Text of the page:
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10 Colours You Shouldn’t Have in Your Home

You'll regret adding these colours at home.

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paint swatches Ursa_Studio/Getty Images

Finding the right colour

Picking out the perfect colour for different parts of your house is challenging. On top of that, certain colours can add or decrease the value of your home. Check out the following colours pros say you shouldn’t have in your home.

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Vintage pastel horizontal wooden chair painted on two tone background9Air/Shutterstock

Painting in pastels

Baby blue and millennial candy pink are lovely and soothing, but they don’t translate well on the face of the home. “Curb appeal is very important, whether your home is on the market or not,” says Leneiva Head, owner of Welcome Home Realty in Tennessee. “You always want your home to feel welcoming.” And don’t forget the front door. It’s part of the all-important first impression.

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Happy smiling woman painting interior wall of new houselenetstan/Shutterstock

Using loud and bold colours

Hey, it’s your house, and if you want to paint your living room blood red and your kitchen pumpkin orange, go for it. But real estate agents would rather dip their paintbrushes into neutral colours. “There is a reason real estate agents and house flippers use neutral colours—they appeal to larger audiences,” says Parks. She also advises against wallpaper. There’s a slim chance a buyer will like it, and most buyers will take one look and think of the cost and labor to remove it.

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yellow living room asbe/Getty Images

Red and yellow

In an episode of the popular home improvement show, Property Brothers: Buying and Selling, the duo—Jonathan and Drew Scott—noted that there are two colours that should never be used to paint interior walls: Red and yellow. You should stick to warmer, neutral tones such as greys and blues.

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warm white paint FollowTheFlow/Getty Images

Warm white

Any white with a warm undertone can look dingy, especially in the wrong light. Consider Benjamin Moore’s Decorator’s White or Farrow & Ball’s All White, both of which are crisp without being clinical.

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beige Artazum/shutterstock

Builder’s beige

The neutrals that can help sell a home can also give off a dirty cast. Avoid yellowy or greenish beige or khaki, which don’t cast anyone in a flattering light. If you want a nice neutral, consider something like Sherwin Williams’ Agreeable Gray, which deftly toes the line between taupe and grey.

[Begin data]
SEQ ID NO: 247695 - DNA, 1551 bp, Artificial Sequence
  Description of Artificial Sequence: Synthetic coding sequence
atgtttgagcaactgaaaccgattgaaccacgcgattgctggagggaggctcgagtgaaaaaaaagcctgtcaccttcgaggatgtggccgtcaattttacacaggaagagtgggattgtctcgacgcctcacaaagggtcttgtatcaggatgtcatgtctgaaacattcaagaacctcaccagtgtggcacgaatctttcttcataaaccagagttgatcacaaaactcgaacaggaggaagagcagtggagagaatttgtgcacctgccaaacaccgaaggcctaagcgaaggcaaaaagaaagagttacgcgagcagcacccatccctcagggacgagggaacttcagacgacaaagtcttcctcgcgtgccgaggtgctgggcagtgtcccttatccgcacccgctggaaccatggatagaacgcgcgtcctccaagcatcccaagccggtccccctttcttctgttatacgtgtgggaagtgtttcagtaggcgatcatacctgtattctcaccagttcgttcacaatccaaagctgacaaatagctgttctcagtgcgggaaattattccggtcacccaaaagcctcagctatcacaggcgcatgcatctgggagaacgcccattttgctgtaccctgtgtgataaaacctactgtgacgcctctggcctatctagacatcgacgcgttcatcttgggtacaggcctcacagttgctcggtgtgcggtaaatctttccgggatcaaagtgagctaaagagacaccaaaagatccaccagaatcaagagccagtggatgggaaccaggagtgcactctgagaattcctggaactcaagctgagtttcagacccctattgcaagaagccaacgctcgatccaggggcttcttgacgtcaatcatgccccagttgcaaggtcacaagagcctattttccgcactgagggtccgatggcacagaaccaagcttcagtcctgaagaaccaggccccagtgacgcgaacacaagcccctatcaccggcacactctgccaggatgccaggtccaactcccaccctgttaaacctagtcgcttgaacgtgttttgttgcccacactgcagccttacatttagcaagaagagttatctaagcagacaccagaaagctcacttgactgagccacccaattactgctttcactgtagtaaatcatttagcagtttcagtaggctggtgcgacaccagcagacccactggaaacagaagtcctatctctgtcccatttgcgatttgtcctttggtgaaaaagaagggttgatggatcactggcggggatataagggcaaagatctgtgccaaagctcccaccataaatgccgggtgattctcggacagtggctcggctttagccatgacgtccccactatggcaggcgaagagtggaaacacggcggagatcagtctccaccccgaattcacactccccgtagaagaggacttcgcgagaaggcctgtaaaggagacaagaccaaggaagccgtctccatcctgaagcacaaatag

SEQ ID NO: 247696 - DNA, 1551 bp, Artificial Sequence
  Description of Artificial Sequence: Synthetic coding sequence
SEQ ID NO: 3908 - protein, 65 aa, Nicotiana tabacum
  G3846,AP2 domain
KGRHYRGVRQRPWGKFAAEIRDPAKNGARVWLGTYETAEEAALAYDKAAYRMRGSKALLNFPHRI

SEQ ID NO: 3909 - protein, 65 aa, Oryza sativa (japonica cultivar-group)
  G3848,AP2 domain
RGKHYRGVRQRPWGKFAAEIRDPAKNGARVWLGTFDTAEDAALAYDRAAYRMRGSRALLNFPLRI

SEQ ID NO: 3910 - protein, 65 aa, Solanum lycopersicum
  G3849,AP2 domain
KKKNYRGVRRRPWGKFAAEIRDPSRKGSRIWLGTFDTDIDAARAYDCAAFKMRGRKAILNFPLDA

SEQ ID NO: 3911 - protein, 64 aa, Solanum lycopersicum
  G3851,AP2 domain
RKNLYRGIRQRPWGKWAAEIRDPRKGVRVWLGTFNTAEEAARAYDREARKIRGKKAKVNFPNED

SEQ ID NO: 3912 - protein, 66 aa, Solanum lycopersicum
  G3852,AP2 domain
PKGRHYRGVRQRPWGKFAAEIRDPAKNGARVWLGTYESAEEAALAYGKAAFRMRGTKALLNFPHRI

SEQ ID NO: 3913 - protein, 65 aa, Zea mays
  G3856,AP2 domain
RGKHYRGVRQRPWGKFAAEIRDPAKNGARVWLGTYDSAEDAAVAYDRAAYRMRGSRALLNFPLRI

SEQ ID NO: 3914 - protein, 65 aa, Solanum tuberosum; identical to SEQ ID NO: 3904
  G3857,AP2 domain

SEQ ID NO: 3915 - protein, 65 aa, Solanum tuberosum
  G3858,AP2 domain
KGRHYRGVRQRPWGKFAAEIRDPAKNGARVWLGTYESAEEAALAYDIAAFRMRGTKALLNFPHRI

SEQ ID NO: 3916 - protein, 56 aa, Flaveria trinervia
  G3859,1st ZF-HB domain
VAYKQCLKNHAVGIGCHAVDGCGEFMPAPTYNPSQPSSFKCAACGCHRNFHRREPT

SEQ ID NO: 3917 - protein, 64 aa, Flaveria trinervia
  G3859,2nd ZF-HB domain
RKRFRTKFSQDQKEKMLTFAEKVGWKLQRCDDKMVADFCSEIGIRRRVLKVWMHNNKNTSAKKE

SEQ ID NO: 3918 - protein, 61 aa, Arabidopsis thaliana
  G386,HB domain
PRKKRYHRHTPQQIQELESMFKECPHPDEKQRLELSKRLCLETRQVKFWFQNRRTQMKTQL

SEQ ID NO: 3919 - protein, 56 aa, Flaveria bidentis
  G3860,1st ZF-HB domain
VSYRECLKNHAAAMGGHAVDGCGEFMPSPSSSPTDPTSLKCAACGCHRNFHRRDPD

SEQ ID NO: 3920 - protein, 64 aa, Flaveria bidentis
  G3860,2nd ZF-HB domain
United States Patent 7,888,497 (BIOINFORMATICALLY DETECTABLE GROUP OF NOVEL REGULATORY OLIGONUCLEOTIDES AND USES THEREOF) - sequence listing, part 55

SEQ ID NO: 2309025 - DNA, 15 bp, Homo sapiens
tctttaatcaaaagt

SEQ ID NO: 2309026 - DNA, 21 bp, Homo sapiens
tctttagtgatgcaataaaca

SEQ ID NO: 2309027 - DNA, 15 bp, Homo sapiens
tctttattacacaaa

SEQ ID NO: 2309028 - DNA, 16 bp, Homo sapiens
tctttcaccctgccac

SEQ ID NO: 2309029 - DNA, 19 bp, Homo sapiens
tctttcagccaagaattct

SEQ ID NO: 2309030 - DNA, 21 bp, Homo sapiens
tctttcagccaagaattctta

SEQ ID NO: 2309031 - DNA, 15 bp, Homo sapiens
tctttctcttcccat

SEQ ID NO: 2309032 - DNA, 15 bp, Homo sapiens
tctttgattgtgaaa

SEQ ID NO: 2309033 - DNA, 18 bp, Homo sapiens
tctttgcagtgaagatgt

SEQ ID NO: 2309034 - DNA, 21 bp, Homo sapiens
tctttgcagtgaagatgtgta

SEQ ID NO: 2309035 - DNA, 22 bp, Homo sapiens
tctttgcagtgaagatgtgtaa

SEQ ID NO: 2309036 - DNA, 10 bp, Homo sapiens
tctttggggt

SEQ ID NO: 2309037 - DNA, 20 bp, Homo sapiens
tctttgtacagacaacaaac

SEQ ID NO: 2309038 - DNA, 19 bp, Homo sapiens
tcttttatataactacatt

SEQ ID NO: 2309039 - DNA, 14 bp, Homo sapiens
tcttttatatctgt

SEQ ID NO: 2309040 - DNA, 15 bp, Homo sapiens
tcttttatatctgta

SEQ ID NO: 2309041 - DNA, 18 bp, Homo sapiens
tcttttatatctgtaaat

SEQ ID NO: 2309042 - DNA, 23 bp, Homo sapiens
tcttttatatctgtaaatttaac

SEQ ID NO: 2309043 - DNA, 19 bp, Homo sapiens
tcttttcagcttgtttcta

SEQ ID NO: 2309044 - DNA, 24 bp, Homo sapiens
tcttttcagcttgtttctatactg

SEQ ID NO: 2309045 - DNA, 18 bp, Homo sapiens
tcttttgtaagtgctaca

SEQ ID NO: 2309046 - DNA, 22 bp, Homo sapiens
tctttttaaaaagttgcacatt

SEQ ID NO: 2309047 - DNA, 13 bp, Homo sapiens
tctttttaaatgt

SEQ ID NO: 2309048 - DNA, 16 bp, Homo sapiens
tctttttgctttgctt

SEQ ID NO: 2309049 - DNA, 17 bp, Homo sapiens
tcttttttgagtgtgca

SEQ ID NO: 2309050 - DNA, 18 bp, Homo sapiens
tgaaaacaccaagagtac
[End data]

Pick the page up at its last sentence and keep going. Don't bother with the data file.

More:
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green kitchen

Green

Again, those sneaky yellow undertones. Pale greens can sometimes feel like sickrooms, or cast a pallor upon your favorite faces. Instead of worrying about the relative minty-ness or sage-like qualities of light greens, consider cashing in on one of the latest trends, which looks flattering in both modern and historic homes: hunter green. Shy away from the browner undertones (such as Benjamin Moore’s Green Grove or Forest Hills) and opt for something like the deep, bold Chrome Green or the bluish Narragansett Green.

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pink

Pink

Pink can be a struggle. Too light and it feels sickly-sweet. Too muddy, and you guessed it—dirty. But the current pink trend has turned into using pink as a neutral, so choosing the right one may be in your future. Farrow & Ball’s Sulking Room Pink is sophisticated, muted and it has good depth. This is also an appropriate substitute for any terra-cotta tones you’re considering.

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copper red paint

Copper red

Zillow came out with a paint analysis that took a look at the best colours to use to paint different parts of a house and found that kitchens painted brick red, terracotta or copper red sold for an average of $2,031 less than other homes. Try a white instead in the kitchen. Since most people start their days in the kitchen, white will energize the room.

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blue kitchen

Blue

A study by Appetite found that people ate more snack foods and drank more soft drinks that were in blue packaging, so that could extend into the kitchen if you decided to use that colour.

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brown bedroom

Brown

Zillow’s analysis also found that homes that have a medium brown, taupe or stucco colour sold on average $1,970 less than homes painted other colours.

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Originally Published on The Family Handyman